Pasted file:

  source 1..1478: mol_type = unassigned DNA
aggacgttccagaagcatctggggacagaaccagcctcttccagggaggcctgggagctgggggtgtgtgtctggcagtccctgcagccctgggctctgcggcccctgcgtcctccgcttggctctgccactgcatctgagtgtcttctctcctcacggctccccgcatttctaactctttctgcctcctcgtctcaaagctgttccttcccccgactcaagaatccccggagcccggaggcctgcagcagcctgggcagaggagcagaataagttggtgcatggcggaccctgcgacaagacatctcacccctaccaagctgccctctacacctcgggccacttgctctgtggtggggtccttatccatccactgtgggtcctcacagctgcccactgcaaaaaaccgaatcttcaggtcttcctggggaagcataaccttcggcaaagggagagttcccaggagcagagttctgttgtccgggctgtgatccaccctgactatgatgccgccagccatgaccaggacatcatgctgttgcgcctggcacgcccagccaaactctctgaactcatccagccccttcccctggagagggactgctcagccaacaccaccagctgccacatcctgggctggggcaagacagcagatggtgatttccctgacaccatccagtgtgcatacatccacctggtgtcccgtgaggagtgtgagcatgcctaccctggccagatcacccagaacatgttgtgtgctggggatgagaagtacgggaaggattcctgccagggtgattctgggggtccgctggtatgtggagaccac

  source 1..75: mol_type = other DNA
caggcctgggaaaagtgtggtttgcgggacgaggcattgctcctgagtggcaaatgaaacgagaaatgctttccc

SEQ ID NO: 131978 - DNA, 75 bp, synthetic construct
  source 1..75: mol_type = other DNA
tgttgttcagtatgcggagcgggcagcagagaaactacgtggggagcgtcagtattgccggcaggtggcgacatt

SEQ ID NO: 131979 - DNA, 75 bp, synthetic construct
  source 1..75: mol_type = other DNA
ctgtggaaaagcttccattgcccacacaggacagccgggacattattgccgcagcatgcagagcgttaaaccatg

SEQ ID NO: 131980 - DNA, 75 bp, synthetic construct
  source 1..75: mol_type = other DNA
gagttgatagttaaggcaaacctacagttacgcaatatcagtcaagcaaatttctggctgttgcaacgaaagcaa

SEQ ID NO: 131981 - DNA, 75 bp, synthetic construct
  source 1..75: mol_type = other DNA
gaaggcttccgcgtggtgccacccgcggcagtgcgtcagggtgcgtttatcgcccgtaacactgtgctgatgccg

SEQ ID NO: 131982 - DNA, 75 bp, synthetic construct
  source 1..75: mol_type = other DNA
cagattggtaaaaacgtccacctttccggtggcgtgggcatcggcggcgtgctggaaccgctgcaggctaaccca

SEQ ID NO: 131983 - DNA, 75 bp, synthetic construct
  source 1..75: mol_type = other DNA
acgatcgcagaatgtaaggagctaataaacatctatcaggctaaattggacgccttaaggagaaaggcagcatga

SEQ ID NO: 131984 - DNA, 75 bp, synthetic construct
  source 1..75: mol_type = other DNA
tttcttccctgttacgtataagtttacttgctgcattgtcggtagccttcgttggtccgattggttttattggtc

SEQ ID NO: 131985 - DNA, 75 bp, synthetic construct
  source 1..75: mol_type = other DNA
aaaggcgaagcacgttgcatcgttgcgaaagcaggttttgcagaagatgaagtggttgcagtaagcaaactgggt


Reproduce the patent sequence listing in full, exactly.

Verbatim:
  source 1..1478: mol_type = unassigned DNA
aggacgttccagaagcatctggggacagaaccagcctcttccagggaggcctgggagctgggggtgtgtgtctggcagtccctgcagccctgggctctgcggcccctgcgtcctccgcttggctctgccactgcatctgagtgtcttctctcctcacggctccccgcatttctaactctttctgcctcctcgtctcaaagctgttccttcccccgactcaagaatccccggagcccggaggcctgcagcagcctgggcagaggagcagaataagttggtgcatggcggaccctgcgacaagacatctcacccctaccaagctgccctctacacctcgggccacttgctctgtggtggggtccttatccatccactgtgggtcctcacagctgcccactgcaaaaaaccgaatcttcaggtcttcctggggaagcataaccttcggcaaagggagagttcccaggagcagagttctgttgtccgggctgtgatccaccctgactatgatgccgccagccatgaccaggacatcatgctgttgcgcctggcacgcccagccaaactctctgaactcatccagccccttcccctggagagggactgctcagccaacaccaccagctgccacatcctgggctggggcaagacagcagatggtgatttccctgacaccatccagtgtgcatacatccacctggtgtcccgtgaggagtgtgagcatgcctaccctggccagatcacccagaacatgttgtgtgctggggatgagaagtacgggaaggattcctgccagggtgattctgggggtccgctggtatgtggagaccac

  source 1..75: mol_type = other DNA
caggcctgggaaaagtgtggtttgcgggacgaggcattgctcctgagtggcaaatgaaacgagaaatgctttccc

SEQ ID NO: 131978 - DNA, 75 bp, synthetic construct
  source 1..75: mol_type = other DNA
tgttgttcagtatgcggagcgggcagcagagaaactacgtggggagcgtcagtattgccggcaggtggcgacatt

SEQ ID NO: 131979 - DNA, 75 bp, synthetic construct
  source 1..75: mol_type = other DNA
ctgtggaaaagcttccattgcccacacaggacagccgggacattattgccgcagcatgcagagcgttaaaccatg

SEQ ID NO: 131980 - DNA, 75 bp, synthetic construct
  source 1..75: mol_type = other DNA
gagttgatagttaaggcaaacctacagttacgcaatatcagtcaagcaaatttctggctgttgcaacgaaagcaa

SEQ ID NO: 131981 - DNA, 75 bp, synthetic construct
  source 1..75: mol_type = other DNA
gaaggcttccgcgtggtgccacccgcggcagtgcgtcagggtgcgtttatcgcccgtaacactgtgctgatgccg

SEQ ID NO: 131982 - DNA, 75 bp, synthetic construct
  source 1..75: mol_type = other DNA
cagattggtaaaaacgtccacctttccggtggcgtgggcatcggcggcgtgctggaaccgctgcaggctaaccca

SEQ ID NO: 131983 - DNA, 75 bp, synthetic construct
  source 1..75: mol_type = other DNA
acgatcgcagaatgtaaggagctaataaacatctatcaggctaaattggacgccttaaggagaaaggcagcatga

SEQ ID NO: 131984 - DNA, 75 bp, synthetic construct
  source 1..75: mol_type = other DNA
tttcttccctgttacgtataagtttacttgctgcattgtcggtagccttcgttggtccgattggttttattggtc

SEQ ID NO: 131985 - DNA, 75 bp, synthetic construct
  source 1..75: mol_type = other DNA
aaaggcgaagcacgttgcatcgttgcgaaagcaggttttgcagaagatgaagtggttgcagtaagcaaactgggt